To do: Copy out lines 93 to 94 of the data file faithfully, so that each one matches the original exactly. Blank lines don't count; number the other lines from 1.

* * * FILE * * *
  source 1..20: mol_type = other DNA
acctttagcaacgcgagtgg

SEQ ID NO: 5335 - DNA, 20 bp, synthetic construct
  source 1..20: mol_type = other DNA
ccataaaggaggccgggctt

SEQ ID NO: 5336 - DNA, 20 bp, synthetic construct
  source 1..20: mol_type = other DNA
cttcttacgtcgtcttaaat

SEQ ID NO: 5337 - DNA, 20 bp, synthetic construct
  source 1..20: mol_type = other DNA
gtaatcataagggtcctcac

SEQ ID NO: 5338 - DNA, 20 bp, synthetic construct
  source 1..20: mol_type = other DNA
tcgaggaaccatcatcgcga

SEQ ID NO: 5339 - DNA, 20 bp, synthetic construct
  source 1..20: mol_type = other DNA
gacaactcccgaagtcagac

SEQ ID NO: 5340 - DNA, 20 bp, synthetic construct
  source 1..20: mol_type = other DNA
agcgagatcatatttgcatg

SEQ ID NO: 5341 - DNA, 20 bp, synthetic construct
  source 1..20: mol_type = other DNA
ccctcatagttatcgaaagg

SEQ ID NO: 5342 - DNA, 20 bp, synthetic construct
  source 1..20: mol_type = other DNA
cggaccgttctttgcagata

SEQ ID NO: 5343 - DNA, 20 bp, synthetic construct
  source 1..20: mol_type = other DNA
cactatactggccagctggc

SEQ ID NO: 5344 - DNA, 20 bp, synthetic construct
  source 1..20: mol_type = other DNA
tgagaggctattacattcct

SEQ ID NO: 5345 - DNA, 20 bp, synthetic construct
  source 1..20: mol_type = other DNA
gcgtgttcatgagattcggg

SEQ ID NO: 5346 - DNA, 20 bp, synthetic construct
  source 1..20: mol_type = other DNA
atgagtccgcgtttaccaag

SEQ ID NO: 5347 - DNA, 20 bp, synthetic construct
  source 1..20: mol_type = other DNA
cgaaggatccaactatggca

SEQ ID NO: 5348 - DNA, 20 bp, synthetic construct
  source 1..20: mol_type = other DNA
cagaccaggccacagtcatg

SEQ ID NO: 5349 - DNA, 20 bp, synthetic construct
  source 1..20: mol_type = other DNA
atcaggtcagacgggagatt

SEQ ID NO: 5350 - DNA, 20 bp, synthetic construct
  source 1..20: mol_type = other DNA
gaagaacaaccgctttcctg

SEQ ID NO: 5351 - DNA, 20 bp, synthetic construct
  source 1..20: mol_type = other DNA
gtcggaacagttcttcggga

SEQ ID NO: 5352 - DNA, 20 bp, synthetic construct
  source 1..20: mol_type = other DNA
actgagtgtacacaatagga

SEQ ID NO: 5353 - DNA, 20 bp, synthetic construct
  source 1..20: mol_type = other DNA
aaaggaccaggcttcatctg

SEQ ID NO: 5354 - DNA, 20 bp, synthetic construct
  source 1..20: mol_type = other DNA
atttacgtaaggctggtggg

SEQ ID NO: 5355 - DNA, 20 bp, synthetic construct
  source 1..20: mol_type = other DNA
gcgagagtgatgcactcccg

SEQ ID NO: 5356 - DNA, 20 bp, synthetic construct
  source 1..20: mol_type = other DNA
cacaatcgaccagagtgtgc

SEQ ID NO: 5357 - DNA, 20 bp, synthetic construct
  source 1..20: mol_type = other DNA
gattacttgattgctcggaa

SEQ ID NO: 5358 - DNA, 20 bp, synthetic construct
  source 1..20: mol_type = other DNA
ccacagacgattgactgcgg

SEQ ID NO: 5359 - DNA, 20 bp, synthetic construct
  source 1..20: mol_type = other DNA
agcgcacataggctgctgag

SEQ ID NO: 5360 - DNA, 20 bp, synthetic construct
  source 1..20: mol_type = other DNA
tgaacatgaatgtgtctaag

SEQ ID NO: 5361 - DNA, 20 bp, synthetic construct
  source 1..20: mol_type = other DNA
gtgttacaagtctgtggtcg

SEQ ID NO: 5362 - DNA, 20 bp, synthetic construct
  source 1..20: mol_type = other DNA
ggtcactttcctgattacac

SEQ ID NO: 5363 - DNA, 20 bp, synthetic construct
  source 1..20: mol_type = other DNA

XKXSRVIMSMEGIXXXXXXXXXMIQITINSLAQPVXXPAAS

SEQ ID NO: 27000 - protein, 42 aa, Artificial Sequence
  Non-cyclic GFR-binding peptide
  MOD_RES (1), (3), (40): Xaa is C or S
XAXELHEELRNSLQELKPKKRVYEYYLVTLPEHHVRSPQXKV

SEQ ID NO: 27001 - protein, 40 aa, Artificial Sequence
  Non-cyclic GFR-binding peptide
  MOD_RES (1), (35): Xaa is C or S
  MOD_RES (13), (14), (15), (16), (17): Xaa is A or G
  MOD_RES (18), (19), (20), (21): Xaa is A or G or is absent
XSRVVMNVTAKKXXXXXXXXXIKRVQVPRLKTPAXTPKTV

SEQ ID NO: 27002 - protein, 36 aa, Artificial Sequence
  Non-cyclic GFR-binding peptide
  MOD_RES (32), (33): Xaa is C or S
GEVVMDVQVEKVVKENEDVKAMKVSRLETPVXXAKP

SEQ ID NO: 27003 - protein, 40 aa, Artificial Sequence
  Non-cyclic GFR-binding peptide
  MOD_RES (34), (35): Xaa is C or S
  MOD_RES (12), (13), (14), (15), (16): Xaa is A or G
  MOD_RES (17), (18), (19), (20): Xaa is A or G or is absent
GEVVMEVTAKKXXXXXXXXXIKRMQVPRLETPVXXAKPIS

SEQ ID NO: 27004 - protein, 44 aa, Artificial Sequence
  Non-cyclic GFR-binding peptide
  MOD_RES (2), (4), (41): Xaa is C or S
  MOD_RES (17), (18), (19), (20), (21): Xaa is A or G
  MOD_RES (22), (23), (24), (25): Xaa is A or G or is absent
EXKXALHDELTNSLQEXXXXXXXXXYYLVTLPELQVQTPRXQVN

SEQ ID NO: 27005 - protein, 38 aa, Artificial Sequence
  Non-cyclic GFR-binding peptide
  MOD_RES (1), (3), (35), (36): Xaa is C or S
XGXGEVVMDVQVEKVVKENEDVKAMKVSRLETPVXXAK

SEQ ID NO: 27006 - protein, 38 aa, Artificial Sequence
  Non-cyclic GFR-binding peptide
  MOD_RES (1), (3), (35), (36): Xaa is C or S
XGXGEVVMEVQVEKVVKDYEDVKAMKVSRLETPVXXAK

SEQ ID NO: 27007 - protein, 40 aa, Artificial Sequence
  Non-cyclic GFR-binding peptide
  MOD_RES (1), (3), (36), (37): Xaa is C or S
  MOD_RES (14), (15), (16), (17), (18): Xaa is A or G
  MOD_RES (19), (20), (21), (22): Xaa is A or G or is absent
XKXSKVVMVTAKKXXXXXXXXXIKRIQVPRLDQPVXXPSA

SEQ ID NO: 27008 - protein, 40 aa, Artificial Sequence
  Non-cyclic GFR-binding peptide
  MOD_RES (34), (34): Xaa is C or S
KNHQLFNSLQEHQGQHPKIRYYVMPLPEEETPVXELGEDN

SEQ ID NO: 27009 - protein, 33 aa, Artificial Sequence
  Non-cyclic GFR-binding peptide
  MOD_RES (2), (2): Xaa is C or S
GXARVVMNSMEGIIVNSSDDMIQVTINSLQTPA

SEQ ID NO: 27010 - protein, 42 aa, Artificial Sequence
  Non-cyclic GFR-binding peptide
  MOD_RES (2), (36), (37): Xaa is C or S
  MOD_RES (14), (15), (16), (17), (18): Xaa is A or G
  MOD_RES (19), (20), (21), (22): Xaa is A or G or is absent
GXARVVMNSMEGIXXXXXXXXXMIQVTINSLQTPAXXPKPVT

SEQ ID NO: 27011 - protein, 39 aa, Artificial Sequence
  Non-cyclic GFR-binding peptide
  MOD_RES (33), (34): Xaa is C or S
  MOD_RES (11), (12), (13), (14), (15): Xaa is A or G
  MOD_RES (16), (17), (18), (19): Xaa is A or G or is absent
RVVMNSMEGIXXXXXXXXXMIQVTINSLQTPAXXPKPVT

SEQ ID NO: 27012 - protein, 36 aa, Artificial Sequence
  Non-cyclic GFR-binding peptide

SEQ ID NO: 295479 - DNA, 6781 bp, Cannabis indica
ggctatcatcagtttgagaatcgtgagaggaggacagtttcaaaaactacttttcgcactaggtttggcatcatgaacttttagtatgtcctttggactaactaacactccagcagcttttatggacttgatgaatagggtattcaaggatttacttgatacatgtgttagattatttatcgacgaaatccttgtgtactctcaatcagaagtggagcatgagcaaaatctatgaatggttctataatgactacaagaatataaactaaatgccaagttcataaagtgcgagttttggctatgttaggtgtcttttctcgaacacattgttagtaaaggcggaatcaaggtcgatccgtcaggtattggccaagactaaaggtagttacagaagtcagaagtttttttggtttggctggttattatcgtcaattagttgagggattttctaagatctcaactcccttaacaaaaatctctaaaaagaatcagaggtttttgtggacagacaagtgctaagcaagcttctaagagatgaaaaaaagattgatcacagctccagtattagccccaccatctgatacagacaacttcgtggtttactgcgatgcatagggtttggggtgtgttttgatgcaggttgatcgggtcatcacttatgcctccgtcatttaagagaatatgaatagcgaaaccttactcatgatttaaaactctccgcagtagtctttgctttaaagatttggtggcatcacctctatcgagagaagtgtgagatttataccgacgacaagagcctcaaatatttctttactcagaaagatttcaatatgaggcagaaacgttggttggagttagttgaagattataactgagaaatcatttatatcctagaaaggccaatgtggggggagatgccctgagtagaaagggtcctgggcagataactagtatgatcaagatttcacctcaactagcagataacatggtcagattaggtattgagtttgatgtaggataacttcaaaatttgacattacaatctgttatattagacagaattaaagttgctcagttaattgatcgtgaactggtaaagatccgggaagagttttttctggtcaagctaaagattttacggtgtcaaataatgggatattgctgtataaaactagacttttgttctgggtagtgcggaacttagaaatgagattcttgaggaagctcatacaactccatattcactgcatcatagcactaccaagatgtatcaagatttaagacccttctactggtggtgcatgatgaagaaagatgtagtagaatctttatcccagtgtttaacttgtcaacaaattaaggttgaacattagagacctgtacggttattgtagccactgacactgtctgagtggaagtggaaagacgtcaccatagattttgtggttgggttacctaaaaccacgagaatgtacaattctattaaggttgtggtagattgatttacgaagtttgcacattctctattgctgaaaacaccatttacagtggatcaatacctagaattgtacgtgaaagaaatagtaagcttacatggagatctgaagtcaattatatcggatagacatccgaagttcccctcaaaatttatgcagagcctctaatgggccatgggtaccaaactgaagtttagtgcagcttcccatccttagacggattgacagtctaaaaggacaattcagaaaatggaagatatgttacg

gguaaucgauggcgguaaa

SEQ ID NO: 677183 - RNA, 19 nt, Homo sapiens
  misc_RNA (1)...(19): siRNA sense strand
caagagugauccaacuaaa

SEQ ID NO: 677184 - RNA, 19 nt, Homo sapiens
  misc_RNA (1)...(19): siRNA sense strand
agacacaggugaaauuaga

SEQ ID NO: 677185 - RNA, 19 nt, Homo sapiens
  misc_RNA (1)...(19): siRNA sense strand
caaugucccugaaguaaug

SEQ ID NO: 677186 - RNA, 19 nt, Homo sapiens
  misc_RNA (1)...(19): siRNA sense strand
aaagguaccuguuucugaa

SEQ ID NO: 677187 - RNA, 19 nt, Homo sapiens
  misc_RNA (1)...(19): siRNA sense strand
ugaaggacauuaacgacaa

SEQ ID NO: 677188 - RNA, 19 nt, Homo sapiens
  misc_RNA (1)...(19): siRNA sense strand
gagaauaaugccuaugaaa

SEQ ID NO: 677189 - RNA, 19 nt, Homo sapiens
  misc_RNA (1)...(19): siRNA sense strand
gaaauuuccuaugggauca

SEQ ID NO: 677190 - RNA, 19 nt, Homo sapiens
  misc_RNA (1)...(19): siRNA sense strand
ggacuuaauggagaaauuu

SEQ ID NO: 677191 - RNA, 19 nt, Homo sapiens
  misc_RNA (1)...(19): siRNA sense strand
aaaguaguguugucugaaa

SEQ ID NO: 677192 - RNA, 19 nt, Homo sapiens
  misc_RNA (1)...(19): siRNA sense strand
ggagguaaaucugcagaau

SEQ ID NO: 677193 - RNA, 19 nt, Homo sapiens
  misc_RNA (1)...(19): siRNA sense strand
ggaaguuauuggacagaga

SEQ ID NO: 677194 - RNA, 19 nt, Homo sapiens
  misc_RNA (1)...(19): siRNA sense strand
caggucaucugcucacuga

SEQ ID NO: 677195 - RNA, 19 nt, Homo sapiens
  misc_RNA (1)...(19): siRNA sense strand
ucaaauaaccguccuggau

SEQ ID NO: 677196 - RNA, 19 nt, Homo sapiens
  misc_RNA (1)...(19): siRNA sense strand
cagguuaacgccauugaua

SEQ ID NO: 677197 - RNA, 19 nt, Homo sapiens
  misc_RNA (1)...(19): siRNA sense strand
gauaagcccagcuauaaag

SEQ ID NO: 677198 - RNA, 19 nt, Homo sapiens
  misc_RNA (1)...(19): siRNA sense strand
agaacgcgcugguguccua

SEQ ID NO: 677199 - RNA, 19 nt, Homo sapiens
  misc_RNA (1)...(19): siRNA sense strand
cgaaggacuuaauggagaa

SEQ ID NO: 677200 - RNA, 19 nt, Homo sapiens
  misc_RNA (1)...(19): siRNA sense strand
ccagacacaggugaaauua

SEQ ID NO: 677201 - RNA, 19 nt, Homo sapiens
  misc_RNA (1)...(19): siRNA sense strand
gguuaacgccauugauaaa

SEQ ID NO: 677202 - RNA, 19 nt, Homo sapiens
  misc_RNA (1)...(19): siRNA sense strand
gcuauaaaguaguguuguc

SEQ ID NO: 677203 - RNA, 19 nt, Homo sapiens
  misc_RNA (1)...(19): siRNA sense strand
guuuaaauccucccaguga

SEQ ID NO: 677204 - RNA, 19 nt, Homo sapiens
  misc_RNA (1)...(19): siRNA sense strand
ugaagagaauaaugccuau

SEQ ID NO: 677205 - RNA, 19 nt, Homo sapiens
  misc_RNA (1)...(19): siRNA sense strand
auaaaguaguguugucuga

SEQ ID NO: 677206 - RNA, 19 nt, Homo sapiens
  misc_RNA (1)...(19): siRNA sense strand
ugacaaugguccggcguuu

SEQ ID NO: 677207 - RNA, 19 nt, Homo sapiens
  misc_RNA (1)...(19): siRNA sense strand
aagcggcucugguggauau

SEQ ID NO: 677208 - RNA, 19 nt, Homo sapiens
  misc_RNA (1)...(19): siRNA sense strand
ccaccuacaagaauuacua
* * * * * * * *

XAXELHEELRNSLQELKPKKRVYEYYLVTLPEHHVRSPQXKV

SEQ ID NO: 27001 - protein, 40 aa, Artificial Sequence